Avoiding Crisis

somehow all roads lead to Barnard

with 2 comments

So I was going to comment on one particular article that I had recently read this morning, but that article led to another that lead me to yet another, and well, the trail of really intersting ideas, topics, thoughts and personal points of view that I followed eventually led me to, believe it or not, Barnard. (And for all you first-timers to this blog, Barnard is my Alma Mater and I tend to talk about it quite a bit.)   

So it all started when I noticed that there had been a new post on the blog What We Said: Reflections on 21st Century FeminismMake Tea not War posted a link to a recent essay by E.J. Graff on the “Opt-Out Revolution.”  I like this article.  It’s thought provoking and really brings to light some important issues with regards to how the Family/Work issue is framed by the media. 

The article got me thinking about feminism, which I seem to be doing a lot of lately.  Which then led me to wonder whether the women over at feministing.com, which I tend to check in on from time to time — the blog that is, not the women, though I’ll admit that I have read all of their bios and they are all very interesting  —  had made mention of the EJ. Graff article.  And sure enough they had a link to the article listed in their Weekly Feminist Reader post dated March 18th. 

So of course, while I was visiting over at feministing.com, I decided to check out what else they were talking about. And after catching up on the evolution of “female”  and the “Southern Belle” feminist,  my attention shifted over to a March 20th posting titled Female Soldiers’ Hell.  I stopped at this post because it linked to an article about the psychological fallout from the war in Iraq for female soldiers, which interests me since I’ve recently gotten to know a fellow trailing spouse who also happens to be an Iraq War Veteran.  

Okay, so being the insanely curious person that I am, I noticed that the Female Soldier post was contributed to feministing.com by a Courtney Martin.  (I only noticed this because typically the posts on feministing.com come from one of the six women who run the site.)  Again, because I can’t help myself, I really am that nosy, I clicked on contributed by Courtney Martin.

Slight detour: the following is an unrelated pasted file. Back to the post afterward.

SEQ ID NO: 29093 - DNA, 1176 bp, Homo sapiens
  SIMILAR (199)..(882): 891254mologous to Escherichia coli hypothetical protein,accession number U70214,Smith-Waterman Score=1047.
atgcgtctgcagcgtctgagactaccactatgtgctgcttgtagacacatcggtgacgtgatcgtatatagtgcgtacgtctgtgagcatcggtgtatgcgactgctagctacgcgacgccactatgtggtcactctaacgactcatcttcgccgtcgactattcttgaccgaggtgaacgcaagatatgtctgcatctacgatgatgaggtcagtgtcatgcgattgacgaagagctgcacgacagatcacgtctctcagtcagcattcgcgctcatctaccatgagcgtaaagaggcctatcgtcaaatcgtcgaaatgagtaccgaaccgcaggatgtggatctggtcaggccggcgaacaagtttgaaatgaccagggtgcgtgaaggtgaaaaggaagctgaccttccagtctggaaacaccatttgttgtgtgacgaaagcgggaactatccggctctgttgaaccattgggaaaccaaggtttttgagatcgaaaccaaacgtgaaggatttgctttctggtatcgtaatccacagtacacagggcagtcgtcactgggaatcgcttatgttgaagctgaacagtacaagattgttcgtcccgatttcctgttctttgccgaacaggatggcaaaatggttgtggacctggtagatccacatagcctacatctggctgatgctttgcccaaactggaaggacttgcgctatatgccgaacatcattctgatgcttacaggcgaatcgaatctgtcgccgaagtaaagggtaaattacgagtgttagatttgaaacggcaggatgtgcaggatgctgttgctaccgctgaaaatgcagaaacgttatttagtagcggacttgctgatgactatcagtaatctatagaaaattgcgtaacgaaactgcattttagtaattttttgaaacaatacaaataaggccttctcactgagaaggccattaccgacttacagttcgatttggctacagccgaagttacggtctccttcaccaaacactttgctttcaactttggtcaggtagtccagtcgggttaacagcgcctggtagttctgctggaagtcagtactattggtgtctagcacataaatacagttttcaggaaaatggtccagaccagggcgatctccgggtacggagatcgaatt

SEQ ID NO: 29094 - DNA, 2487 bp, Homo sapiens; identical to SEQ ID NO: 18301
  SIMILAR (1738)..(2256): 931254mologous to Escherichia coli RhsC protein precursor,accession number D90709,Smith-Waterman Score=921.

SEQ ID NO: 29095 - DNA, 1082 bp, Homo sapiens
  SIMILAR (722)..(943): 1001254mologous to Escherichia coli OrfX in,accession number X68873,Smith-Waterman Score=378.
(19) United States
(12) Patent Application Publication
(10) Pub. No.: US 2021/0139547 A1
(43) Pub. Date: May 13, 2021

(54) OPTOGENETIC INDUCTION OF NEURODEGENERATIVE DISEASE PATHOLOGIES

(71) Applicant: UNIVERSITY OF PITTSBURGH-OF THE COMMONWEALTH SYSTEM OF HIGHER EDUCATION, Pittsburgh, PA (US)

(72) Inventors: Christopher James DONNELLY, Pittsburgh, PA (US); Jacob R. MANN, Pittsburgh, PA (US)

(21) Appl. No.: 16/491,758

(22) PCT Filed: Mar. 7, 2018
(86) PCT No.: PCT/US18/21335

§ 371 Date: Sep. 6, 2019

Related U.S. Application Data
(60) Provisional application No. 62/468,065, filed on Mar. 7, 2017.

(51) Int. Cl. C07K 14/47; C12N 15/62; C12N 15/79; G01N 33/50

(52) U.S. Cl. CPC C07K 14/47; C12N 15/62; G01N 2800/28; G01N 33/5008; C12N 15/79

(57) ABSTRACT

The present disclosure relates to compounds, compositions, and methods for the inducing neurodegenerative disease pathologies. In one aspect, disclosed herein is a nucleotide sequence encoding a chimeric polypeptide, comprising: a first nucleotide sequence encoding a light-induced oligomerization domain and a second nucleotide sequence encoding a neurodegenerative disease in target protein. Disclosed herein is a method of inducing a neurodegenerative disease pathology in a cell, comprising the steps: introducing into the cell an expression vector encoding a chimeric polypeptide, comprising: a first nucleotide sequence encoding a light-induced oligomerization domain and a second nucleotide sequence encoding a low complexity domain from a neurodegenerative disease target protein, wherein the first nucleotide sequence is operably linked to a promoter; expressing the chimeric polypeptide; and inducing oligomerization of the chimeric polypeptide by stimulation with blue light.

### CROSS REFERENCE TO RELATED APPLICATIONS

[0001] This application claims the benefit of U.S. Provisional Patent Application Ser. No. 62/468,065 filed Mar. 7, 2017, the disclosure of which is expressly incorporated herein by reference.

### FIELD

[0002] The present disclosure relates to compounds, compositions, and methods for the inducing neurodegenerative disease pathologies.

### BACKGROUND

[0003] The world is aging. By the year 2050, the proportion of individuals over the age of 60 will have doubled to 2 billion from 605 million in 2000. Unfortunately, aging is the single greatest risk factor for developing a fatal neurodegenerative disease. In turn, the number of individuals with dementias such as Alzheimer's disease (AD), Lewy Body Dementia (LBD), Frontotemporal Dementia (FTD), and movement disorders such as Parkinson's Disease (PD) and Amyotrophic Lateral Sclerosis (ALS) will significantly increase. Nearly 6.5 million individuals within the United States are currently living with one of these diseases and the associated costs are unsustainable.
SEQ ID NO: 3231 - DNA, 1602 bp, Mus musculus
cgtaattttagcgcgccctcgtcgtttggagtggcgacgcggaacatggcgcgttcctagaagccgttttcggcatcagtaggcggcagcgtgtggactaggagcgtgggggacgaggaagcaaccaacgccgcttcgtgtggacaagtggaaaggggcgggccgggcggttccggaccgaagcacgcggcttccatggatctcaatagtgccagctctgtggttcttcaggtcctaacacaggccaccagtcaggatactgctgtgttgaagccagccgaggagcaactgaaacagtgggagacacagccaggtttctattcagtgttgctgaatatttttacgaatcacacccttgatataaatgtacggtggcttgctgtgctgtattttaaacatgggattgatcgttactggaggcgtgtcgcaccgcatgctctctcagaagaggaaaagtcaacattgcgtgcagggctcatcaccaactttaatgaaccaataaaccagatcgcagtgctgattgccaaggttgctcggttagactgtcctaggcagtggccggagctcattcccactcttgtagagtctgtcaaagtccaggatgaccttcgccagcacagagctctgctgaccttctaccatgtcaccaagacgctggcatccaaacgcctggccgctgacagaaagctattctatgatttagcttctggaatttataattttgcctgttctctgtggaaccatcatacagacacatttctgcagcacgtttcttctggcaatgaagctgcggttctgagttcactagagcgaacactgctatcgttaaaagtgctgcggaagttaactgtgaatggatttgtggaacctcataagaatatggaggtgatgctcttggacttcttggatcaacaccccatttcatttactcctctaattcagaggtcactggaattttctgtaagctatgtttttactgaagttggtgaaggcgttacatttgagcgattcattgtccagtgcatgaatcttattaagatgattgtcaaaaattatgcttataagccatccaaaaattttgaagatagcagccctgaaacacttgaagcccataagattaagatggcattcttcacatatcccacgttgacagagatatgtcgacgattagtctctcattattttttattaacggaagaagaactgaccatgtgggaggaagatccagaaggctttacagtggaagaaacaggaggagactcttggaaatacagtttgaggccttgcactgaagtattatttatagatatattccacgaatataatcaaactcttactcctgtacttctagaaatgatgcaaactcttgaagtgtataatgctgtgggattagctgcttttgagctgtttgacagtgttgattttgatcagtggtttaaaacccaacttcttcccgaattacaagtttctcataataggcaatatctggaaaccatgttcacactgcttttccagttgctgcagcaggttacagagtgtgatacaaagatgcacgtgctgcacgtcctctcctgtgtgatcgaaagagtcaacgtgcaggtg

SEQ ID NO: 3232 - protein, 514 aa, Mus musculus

And where did it take me?  To Ms. Martin’s personal website obviously. And while I was there, I figured why not read some of Ms. Martin’s writing.  About two articles later, I noticed that Ms. Martin sounded a lot like me.  Or is it that I sound like her?  What does it matter.  We think alike, I think.   So, of course, I just had to check out Ms. Martin’s bio.  And lo and behold at the end of Ms. Martin’s bio page there it is.  AHA!  She’s a Barnard graduate herself. 

Knowing this, I just couldn’t leave without reading more.  And eventually, while skimming articles she had written in 2006, I came across Paradox of a Perfect Girl with it’s all too true description of Barnard. Ms. Martin writes,

When I got to Barnard College, I met a skyscraper dorm full of women just like me — perfect girls incurring a variety of eating and anxiety disorders via their rabid-dog achievement orientation. Zoloft and Paxil were doled out like candy. Girls traded all-nighter tales like war stories.

In the same article, Ms. Martin writes

The second wave of feminists — our mothers and teachers — created a world in which we feel entitled to accomplish anything we set our minds to; which, it turns out, includes just about everything. Now the task of the next wave of feminism is to turn the tide of this unhealthy achievement drive. Yes, women can be anything. But we don’t have to be everything.

See, I told you we kinda think alike. Kinda.  Must be the schooling?  Although she seems to have things a bit more figured out than I do.  Maybe I missed that class?  

Okay, so I could stop there, but….ah….I just can’t. Not yet.  One more thing. 

An article on Ms. Martin’s site led me to The American Prospect Special Report March 2007 that deals with the issues of Work and Family, and thus taking us full circle to the topic of the first article that got this all started.  And while this has nothing to do with Barnard, which as my headline would lead you to believe this post would end, I thought it fun to point out that I once worked for The American Prospect. It was my second job after having graduated from Barnard.  There I did it, I brought it back to Barnard.  I knew I could. 


Written by nicolemarie

March 22, 2007 at 12:27 am

2 Responses

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  1. I love it when things come full circle. I think what what Ms. Martin said about turning the tide was a good point. I’ve never really studied up much on feminism myself, but my impression of it is that one if its goals is to liberate women and give them the opportunity to choose. But if they’re forced into roles they don’t want to be in (for example, a woman who would rather stay at home with her children but who feels a need to climb her way up the corporate ladder instead), that’s defeating the purpose. I’m glad that women have the rights that they do, but it shouldn’t be about fulfilling someone else’s expectations. If women’s rights only extend to “the right to be what other people think you should be,” then it is time for a new movement: the right to be who you want to be, regardless of who other people, including women, want you to be.


    March 22, 2007 at 2:03 pm

  2. P.S.

    This is unrelated, but I wrote back to you on my blog, and I’m not sure if that’s how it works or if I should write back to you on your blog. Do you know the proper comment etiquette?


    March 22, 2007 at 2:04 pm

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